Mycorrhizal fungi shaped the evolution of terrestrial plants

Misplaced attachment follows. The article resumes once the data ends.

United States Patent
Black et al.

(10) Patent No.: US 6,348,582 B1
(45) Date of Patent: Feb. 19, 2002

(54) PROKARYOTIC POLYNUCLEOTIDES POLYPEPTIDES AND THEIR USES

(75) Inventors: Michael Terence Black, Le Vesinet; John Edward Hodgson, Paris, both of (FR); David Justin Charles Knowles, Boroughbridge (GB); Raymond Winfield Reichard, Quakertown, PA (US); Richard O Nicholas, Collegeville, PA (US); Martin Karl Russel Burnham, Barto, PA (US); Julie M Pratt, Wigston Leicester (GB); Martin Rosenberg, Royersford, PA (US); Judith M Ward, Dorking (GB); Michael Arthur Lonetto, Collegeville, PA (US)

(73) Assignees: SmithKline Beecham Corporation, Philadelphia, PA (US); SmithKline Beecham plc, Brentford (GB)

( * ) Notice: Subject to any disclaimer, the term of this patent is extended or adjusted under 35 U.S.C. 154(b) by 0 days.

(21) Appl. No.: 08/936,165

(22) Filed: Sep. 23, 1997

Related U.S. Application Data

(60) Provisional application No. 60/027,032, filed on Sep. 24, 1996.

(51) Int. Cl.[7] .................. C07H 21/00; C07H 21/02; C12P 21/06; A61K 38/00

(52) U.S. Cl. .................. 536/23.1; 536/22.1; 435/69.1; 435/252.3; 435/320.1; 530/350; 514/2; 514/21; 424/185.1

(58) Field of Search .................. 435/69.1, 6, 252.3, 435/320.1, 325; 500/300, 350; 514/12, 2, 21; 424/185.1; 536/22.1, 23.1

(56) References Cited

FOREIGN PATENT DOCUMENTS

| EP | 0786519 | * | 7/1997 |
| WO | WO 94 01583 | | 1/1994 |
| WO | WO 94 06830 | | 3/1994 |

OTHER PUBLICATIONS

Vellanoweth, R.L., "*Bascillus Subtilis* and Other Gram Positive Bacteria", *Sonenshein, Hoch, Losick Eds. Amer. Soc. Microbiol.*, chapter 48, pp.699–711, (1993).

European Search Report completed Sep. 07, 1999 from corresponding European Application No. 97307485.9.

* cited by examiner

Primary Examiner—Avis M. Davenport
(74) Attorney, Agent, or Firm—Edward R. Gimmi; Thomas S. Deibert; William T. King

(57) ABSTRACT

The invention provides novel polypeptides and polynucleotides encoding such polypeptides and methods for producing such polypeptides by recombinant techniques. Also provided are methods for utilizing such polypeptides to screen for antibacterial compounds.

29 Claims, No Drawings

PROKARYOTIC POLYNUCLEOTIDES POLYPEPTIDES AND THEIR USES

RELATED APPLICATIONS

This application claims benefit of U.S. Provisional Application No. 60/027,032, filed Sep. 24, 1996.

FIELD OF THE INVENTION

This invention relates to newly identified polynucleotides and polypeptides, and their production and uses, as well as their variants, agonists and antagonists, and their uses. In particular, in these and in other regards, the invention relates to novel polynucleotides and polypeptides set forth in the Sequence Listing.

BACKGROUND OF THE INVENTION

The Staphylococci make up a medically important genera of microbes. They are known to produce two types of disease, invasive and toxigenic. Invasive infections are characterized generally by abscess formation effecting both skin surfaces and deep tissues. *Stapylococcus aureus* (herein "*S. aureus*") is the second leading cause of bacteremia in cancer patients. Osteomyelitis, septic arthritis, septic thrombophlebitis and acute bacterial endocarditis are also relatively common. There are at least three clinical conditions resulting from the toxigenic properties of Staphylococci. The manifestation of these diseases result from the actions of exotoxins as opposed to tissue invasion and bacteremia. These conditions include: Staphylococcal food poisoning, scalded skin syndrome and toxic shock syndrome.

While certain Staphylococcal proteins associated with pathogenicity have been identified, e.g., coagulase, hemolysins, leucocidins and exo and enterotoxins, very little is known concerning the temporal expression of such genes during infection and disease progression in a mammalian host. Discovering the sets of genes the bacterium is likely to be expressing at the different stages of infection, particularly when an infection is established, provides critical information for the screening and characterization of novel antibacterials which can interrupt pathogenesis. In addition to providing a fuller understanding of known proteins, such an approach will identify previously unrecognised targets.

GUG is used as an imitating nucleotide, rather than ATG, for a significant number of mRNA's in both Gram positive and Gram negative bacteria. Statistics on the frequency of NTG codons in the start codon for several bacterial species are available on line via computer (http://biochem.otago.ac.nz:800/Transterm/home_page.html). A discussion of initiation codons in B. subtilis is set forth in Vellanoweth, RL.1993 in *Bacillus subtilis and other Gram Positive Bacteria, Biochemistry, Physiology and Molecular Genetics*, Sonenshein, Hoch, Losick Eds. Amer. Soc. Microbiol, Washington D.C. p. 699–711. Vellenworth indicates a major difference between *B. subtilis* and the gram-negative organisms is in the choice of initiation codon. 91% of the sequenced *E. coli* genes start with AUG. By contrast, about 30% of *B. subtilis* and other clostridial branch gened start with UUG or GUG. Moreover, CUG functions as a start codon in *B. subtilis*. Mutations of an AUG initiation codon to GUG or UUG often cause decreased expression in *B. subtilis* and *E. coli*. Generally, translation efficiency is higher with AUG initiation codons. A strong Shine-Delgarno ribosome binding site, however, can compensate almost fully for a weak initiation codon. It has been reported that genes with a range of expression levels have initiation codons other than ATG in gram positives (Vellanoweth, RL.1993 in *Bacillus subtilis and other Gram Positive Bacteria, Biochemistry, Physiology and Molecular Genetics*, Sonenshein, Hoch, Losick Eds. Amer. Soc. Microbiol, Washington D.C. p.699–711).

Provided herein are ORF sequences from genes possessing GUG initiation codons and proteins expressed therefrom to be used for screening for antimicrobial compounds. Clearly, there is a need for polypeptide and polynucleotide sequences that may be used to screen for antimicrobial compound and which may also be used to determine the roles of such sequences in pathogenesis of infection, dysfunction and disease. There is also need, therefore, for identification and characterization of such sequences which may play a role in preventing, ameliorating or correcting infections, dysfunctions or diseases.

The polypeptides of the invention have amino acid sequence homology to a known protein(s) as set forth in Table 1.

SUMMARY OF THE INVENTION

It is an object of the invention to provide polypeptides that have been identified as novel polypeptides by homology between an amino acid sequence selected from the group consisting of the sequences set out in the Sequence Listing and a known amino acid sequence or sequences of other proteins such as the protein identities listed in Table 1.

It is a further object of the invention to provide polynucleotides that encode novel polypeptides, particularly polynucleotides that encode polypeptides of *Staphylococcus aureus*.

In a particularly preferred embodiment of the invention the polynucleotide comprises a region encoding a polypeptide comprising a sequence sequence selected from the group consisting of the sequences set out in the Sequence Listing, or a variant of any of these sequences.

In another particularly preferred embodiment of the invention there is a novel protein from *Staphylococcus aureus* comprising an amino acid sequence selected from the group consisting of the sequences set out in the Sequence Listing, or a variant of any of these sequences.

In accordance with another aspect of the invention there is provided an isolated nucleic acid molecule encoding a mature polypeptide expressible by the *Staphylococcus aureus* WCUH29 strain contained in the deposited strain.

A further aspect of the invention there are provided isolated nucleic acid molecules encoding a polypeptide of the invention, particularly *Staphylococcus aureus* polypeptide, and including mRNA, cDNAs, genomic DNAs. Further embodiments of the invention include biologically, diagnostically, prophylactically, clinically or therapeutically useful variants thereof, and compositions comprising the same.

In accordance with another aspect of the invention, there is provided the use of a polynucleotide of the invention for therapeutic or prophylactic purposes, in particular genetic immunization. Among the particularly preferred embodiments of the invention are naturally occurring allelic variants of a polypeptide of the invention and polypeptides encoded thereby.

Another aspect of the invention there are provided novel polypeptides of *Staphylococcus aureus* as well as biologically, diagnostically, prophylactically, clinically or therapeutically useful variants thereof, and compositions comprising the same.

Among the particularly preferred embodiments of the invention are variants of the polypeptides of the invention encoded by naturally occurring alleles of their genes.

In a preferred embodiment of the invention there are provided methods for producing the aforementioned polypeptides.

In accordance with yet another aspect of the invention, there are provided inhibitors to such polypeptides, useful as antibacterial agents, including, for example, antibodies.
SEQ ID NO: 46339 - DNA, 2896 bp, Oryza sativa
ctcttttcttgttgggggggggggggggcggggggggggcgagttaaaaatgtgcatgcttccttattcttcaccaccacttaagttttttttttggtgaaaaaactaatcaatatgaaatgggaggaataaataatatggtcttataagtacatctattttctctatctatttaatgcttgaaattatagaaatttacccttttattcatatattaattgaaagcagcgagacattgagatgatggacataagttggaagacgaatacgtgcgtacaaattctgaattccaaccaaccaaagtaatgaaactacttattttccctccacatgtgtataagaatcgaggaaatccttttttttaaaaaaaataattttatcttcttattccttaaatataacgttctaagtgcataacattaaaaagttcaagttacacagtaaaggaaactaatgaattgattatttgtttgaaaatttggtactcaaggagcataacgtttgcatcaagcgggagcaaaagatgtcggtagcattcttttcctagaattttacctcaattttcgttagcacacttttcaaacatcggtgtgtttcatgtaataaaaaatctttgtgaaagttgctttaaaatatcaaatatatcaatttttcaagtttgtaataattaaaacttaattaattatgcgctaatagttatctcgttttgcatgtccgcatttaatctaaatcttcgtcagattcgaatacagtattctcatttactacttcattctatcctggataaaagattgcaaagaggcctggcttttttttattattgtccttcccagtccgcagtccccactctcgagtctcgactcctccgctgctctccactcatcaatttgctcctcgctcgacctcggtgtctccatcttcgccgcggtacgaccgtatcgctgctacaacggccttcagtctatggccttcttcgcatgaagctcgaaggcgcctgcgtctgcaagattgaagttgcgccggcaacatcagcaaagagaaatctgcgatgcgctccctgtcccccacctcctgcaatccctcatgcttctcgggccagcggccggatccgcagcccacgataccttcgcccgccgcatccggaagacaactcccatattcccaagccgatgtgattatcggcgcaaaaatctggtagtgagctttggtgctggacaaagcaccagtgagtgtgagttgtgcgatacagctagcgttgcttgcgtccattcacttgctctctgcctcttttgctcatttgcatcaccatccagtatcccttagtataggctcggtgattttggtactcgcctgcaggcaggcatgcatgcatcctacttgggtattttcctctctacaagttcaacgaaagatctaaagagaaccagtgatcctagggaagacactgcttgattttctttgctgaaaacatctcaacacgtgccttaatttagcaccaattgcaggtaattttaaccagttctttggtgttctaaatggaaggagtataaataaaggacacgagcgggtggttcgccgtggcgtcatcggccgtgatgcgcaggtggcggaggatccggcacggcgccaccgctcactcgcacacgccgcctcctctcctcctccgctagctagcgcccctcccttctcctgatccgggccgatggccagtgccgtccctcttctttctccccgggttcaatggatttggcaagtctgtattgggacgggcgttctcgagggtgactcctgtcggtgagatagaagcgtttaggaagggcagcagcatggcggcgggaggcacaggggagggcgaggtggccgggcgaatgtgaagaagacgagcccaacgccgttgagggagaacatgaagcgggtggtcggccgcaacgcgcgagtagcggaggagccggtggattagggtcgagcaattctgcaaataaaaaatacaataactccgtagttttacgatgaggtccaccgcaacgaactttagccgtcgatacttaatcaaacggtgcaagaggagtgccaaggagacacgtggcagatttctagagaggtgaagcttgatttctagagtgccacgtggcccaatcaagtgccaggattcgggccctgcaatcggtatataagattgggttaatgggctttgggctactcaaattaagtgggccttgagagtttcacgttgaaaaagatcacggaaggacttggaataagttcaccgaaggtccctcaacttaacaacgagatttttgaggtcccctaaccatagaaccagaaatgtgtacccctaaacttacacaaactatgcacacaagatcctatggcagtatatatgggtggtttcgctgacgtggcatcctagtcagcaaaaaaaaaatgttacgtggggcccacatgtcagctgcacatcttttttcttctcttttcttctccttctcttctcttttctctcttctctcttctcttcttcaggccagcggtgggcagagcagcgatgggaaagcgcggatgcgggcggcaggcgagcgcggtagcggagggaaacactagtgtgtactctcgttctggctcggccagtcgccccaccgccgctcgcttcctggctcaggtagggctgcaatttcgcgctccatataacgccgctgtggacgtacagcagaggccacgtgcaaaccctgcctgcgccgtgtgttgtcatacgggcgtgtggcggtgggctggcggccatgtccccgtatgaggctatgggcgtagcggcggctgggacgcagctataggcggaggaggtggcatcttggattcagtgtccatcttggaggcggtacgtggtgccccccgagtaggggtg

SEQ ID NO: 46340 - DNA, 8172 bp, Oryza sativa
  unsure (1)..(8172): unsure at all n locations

Mutualistic associations between plants and fungi are incredibly widespread, occurring in 90% of extant land plants, and likely are the most ecologically important symbiotic relationships on Earth. Fungi played an integral part in land plant evolution; roots only evolved after early land plants colonised terrestrial environments and these associations allowed for mutualistic exchange of inorganic nutrients and water for carbohydrates in harsh environments predating existing soils. The majority of extant land plants are associated with the Mucoromycota subphylum Glomeromycotina, a division of arbuscular mycorrhizal fungi that penetrate the cortical cells of plant roots for nutrient exchange. Because of this associative abundance together with fossil evidence, it has long been hypothesised that this division of fungi facilitated colonisation of land by early plants. However, a recent study showed evidence that another Mucoromycota subphylum, Mucoromycotina, was likely responsible for enabling the establishment of early land plants, and that Glomeromycotina was a secondary acquisition. This study also revealed that transitions from one fungal phyla to another, such as to species from the Basidiomycota and Ascomycota, or forming symbioses with multiple fungal partners, may have led to unique niche expansions and radiations such as those seen in the orchids, the largest family of land plants on Earth, as well as plants adapted to nutrient poor or acidic soil. The importance of Mucoromycotina in land plant evolution will likely become more apparent as the relationships between mycorrhizal fungi and plants are further explored. (Summary by Danielle Roodt Prinsloo) bioRxiv 10.1101/213090 (Cover illustration by Perry Shirley)